Former governors should not continue to be leeches on the states. Matawalle was absolutely right when he asserted that whoever attains the position of a governor and other top political office holders are financially well to do. They should not be a drain on state resources. The fact that an ex-governor like Babatunde Fashola of Lagos State has refused to collect these outrageous entitlements speaks volumes that former occupants, whether in Lagos or other states, can live without these jumbo offers.
Elsewhere, public interest is at the centre in determining pension for political office holders. In Indiana State in the United States, a governor may not receive the retirement benefit as long as he holds an elective position with any federal, state, or local governmental unit, and he may not receive the retirement benefit until he has reached at least age 62 years.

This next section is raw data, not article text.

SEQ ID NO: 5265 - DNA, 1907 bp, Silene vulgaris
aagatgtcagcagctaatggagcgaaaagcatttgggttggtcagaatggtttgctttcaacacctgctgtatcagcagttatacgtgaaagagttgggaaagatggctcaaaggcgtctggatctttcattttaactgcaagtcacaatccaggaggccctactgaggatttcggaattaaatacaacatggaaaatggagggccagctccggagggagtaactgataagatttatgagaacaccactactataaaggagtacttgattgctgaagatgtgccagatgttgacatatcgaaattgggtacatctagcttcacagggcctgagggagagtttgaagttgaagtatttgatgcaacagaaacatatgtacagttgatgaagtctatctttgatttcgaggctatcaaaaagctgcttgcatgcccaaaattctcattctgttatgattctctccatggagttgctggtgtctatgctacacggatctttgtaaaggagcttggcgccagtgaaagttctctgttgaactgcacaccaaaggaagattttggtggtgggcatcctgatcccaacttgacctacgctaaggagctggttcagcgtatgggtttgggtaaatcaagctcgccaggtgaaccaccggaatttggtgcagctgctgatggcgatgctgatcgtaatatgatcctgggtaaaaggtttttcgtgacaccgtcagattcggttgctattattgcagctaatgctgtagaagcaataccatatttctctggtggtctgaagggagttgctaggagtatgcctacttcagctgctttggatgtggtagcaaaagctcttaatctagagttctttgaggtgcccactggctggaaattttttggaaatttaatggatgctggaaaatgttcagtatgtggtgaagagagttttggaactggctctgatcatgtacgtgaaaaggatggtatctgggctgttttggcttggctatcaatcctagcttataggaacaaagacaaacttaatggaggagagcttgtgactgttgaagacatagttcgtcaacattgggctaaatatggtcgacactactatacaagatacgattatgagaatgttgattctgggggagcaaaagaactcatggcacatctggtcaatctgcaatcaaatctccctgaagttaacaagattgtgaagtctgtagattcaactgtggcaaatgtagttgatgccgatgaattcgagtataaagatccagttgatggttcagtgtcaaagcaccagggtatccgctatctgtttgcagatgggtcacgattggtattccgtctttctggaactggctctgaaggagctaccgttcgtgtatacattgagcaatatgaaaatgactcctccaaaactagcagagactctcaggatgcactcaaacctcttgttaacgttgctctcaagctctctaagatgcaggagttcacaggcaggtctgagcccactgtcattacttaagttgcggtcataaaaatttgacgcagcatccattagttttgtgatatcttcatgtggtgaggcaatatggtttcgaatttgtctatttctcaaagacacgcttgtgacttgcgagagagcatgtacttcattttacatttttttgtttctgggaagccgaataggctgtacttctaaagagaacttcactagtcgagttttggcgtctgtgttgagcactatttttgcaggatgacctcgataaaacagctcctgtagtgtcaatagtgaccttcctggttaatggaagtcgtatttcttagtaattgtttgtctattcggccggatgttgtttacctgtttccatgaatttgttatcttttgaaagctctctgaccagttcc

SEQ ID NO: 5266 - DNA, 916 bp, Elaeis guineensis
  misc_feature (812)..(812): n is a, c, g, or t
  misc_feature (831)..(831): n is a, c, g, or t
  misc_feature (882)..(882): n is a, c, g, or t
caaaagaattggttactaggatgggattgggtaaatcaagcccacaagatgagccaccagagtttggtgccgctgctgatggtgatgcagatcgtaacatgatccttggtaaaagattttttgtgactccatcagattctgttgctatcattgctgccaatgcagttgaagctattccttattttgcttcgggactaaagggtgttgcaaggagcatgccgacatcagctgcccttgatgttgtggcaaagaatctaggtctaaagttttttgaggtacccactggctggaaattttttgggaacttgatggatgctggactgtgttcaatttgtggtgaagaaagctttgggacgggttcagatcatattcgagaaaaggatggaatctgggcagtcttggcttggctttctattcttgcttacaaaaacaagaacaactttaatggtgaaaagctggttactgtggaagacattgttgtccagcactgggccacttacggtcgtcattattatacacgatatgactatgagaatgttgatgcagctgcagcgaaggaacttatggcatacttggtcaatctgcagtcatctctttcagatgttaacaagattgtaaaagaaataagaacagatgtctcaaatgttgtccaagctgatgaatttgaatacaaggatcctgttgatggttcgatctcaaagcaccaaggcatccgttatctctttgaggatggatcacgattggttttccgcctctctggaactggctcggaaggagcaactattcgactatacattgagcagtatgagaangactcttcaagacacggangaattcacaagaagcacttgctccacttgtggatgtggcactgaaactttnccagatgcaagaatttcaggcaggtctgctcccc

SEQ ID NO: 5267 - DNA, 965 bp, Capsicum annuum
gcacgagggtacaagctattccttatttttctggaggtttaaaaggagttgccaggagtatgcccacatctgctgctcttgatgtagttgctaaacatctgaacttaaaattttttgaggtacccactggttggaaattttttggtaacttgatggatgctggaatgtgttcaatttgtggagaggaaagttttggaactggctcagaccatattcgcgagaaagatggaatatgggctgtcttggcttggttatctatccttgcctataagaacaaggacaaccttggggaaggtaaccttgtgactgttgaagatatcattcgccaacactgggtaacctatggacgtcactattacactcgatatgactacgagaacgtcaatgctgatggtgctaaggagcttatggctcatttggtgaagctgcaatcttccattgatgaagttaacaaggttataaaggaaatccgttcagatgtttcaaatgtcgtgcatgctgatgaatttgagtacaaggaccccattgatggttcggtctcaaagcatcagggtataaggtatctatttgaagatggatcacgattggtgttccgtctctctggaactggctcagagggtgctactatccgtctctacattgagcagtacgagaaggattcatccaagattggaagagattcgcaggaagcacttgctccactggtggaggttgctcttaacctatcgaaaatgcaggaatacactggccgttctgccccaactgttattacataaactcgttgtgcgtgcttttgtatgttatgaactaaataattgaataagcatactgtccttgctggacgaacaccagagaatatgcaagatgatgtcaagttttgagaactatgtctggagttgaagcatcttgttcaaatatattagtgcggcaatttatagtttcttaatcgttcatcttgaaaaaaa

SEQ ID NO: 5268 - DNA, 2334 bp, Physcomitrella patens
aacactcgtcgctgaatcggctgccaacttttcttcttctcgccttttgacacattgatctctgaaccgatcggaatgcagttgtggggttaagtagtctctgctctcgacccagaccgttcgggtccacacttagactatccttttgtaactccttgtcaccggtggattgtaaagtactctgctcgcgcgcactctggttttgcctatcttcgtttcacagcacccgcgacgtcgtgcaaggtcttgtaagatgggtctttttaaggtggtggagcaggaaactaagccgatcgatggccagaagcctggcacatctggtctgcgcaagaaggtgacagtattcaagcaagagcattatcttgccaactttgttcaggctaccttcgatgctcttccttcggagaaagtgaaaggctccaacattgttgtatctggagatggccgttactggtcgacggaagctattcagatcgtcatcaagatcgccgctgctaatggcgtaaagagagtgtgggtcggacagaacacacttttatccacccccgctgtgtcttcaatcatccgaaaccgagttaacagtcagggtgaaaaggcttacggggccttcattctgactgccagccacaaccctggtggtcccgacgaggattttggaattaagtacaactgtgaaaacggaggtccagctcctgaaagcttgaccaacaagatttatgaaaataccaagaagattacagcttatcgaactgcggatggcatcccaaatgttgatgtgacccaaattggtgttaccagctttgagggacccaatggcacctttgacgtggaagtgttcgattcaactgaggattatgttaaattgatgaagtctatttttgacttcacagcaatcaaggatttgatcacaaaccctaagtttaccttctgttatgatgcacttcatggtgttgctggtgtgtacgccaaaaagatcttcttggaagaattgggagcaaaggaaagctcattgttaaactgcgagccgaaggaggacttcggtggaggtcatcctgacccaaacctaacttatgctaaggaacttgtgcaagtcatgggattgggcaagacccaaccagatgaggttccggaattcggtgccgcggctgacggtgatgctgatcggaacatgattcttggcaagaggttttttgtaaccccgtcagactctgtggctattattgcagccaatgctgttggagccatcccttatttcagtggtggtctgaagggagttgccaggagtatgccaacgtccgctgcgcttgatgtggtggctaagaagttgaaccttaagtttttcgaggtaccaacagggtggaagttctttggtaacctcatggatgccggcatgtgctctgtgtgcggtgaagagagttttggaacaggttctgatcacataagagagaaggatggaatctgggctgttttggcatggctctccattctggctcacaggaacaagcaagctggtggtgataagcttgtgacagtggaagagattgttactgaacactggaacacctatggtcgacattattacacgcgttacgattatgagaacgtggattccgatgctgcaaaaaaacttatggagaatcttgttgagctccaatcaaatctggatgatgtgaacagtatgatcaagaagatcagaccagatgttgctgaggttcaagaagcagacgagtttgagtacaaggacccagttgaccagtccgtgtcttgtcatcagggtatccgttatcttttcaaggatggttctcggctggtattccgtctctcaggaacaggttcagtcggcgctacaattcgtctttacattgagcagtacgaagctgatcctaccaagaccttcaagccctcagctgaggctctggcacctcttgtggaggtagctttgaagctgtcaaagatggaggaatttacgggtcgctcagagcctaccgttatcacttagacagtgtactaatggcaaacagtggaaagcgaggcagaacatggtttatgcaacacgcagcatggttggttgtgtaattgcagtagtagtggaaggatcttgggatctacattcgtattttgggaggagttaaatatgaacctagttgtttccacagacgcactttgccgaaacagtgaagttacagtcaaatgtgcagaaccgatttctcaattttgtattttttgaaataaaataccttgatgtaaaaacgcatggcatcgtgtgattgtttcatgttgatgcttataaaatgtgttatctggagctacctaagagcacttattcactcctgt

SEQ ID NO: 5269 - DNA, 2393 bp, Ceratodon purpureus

It is said that most of these former office holders left their states in tatters: mired in both domestic and foreign debts; decrepit social infrastructure; piled-up arrears of workers’ salaries, gratuities and pensions of retirees. Some of them also end up as ministers and senators.
Without a doubt, public services such as roads, healthcare and education in states where this seeming raid on the public treasury is ongoing cannot be delivered, if this trend is not obliterated. Besides, most of the states are not economically viable as shown in their abysmally poor internally generated revenues. With the economy in dire straits, cost-cutting measures such as scrapping former governors’ entitlements, ending sitting governors’ outrageous lifestyles, abolishing sleazy security votes are financial breathers states and their citizens should pursue immediately.